Bob McFarland of Schenectady, reading a newspaper inside the library, said he has noticed more holes in the road during the early parts of 2014. “They just seem to be a little bit earlier this year,” he said. “That’s part of life in the great Northeast.”
Scirocco said motorists can help themselves by keeping alert on the road. And watch out for puddles.
“Obviously, you can’t see what’s inside them, and that’s something people really need to be aware of,” he said. “If you drive through a puddle, you’re vulnerable to a major pothole in that puddle. That’s how it probably started to begin with.”
Don Villa, general manager of the 14-store Warren Tire Center chain in the Capital Region and North Country, sees holes in the roads and clients coming in for repairs.
“It’s brutal right now,” he said. “And you can’t blame it on anybody, it’s Mother Nature. They fix them, and just as quick as they fix them, they come back.”
Villa explained how driving into a pothole can equal major car damage.
“The first thing that will happen if they hit it real hard, they’re going to damage the wheel,” he said. “And with lower-profile tires that come with original equipment nowadays, it’s so much easier to damage the wheels and even ruin a tire just by hitting a pothole. Some of these that are on the roads right now, you could really do some front end damage.”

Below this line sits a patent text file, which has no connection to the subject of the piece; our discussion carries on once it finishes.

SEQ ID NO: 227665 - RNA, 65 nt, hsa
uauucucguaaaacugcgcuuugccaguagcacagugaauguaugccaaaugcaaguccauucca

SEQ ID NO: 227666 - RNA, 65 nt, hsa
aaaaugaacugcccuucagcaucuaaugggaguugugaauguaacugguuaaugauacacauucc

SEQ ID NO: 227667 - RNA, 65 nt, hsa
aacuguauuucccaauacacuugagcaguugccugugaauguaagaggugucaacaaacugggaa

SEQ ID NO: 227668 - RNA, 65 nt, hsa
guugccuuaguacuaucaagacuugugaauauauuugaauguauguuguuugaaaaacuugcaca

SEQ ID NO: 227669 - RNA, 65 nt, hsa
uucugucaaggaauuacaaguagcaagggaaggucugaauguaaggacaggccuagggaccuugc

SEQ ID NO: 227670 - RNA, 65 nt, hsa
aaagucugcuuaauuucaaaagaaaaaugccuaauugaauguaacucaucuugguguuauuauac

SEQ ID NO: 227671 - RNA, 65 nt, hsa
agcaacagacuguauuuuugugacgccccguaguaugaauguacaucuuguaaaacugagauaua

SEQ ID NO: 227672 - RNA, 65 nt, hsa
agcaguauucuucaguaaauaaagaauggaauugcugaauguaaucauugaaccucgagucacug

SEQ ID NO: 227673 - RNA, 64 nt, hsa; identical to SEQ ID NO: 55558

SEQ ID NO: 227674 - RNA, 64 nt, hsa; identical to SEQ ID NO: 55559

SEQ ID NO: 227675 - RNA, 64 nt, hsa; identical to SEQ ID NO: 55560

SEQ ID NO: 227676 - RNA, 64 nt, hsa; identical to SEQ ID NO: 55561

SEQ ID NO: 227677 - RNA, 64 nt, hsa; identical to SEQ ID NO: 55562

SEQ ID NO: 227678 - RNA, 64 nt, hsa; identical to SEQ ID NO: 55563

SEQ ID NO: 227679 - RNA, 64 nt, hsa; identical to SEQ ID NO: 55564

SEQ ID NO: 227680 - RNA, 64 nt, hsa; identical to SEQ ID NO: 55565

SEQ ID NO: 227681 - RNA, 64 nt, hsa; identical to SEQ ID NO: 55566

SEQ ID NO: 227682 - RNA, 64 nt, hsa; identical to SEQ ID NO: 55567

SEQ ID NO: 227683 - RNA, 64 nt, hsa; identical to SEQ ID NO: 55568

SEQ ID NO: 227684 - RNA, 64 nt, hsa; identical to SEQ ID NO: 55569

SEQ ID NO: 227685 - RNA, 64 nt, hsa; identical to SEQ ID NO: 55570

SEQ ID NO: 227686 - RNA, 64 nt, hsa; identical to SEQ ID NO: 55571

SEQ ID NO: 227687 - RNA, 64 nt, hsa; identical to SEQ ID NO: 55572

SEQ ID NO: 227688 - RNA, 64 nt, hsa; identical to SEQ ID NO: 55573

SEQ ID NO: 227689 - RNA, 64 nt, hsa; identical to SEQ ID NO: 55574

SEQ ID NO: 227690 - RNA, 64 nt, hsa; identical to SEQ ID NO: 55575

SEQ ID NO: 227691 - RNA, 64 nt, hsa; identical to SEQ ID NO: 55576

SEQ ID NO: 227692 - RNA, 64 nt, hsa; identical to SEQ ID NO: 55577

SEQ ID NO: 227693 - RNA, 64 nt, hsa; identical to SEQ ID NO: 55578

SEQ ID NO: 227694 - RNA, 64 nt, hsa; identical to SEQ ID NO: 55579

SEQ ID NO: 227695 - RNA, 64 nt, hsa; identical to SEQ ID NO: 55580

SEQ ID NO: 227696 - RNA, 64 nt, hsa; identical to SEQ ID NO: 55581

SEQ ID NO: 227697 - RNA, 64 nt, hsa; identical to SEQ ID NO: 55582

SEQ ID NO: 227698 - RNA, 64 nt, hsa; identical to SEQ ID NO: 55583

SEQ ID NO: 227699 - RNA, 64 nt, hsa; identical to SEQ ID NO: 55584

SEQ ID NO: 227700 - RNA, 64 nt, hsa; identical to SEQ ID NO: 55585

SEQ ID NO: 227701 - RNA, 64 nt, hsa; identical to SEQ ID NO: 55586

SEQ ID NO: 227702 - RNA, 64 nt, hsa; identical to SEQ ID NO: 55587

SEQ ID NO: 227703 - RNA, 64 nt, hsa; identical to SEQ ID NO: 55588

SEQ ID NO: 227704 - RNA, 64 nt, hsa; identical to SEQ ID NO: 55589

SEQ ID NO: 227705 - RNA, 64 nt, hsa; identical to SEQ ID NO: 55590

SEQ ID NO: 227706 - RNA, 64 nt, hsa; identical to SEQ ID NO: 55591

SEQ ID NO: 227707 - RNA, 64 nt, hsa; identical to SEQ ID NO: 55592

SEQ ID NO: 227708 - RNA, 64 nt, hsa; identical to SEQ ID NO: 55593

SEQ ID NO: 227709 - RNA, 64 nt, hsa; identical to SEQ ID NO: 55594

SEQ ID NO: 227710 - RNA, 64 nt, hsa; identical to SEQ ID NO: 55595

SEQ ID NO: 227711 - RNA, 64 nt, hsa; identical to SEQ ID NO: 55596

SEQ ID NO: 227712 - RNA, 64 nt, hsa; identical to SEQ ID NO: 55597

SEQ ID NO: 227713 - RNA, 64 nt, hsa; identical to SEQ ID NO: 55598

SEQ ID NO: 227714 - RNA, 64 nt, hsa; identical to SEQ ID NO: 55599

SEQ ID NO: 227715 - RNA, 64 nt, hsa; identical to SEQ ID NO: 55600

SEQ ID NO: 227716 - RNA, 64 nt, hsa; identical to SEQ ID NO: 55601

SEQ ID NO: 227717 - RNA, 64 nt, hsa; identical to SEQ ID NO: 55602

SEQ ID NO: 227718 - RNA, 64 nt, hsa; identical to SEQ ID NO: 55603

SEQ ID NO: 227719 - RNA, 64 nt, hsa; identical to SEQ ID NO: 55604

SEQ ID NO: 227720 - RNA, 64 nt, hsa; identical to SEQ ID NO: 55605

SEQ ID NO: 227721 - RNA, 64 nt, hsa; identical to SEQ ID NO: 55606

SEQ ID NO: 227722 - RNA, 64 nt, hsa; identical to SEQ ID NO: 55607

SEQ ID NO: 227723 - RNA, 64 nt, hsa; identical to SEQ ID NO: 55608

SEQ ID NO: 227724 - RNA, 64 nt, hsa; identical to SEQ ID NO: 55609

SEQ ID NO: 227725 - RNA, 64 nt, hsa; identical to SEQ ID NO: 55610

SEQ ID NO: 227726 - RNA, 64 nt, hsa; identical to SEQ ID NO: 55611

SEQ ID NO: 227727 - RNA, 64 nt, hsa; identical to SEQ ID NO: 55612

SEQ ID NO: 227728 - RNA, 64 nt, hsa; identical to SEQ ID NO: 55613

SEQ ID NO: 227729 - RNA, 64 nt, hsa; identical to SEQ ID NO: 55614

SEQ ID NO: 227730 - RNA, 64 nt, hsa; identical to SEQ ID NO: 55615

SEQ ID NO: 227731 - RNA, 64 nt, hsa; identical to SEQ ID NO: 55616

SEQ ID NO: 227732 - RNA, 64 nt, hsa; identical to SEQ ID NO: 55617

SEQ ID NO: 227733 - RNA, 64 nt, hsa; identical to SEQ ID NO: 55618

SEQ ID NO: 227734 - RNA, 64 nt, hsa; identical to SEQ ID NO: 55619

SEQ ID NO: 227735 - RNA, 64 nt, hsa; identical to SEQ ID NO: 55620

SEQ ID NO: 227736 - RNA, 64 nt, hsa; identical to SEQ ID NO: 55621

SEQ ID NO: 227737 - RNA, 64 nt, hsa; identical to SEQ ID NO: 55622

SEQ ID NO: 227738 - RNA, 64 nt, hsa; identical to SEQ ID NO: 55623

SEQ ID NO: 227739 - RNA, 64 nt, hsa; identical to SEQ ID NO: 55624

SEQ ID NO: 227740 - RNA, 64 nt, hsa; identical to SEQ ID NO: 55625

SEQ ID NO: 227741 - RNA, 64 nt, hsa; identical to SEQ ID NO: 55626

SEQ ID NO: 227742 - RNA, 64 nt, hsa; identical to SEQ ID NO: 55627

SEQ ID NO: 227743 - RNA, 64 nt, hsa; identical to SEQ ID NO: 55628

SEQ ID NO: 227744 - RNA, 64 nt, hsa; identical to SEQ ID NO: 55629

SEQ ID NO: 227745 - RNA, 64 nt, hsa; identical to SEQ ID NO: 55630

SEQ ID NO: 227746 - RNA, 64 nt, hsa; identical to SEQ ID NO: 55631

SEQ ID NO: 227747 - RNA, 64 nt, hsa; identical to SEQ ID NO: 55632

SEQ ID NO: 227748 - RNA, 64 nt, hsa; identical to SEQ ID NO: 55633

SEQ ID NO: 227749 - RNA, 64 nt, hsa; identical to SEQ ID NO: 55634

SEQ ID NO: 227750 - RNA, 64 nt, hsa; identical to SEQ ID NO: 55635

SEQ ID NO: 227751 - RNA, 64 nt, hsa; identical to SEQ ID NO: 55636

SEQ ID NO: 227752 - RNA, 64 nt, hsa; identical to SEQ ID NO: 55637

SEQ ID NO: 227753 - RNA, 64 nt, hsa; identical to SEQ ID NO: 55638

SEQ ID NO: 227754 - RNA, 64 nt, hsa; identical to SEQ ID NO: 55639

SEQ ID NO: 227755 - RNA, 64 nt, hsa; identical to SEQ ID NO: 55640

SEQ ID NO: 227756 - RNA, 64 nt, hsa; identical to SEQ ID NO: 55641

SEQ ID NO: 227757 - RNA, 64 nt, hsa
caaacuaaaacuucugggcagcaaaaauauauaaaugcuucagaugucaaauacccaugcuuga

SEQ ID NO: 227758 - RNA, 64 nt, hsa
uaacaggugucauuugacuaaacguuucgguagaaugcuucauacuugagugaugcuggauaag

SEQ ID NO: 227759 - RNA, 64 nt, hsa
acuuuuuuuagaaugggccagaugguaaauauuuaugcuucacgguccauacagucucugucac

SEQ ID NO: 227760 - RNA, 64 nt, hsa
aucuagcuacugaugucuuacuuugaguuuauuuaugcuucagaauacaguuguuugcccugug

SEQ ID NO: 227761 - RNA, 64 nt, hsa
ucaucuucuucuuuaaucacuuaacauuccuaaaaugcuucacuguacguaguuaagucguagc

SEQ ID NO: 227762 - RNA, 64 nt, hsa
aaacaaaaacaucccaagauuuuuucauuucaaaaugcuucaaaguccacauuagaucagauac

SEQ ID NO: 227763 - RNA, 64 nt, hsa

Motorists should be concerned about throwing wheels out of alignment, too.
“It’s something you should really do just after the season,” Villa said. “I think it might be a little early right now, but by the end of March and beginning of April, you really want to think about getting at least your alignment checked.”
Frank Gavin, the town of Niskayuna’s highway superintendent, said he and his crews have been monitoring about 10 town roads that are especially susceptible to winter weather problems.
“Birchwood Lane is a bad one, Hillside Avenue too,” Gavin said. “For traffic, I’d say they are the worst two. They haven’t been paved or reconstructed; they’re over 20 years old.”
Gavin said the town’s paving program — seven miles worth of pavement projects are conducted each year — helps keep potholes down. He also believes fewer cracks in the road at summer’s end means fewer potholes in the road at winter’s end.
“If you have an aggressive crack sealant program in the summer, you have less potholes over the years, so the most important thing is to crack-fill on any road,” Gavin said. “I buy a tractor-trailer load of it every year; drainage and crack-filling are the two things that keep a road in shape.”
Gavin added that potholes create problems for people who favor other forms of transportation. Runners and cyclists on pavement have to watch out for potholes, especially around dusk.
Highway chiefs say people should report potholes by calling their public works departments. New York State has a special pothole line, 1-800-POTHOLE (1-800-768-4653) to report road hazards.
People may call in little potholes that make a car rattle a little bit or giant holes that rattle a driver to the core. Viggiani said size does not matter. “We’ll take the small ones, too,” he said. “We’ve got to get them all at some point.”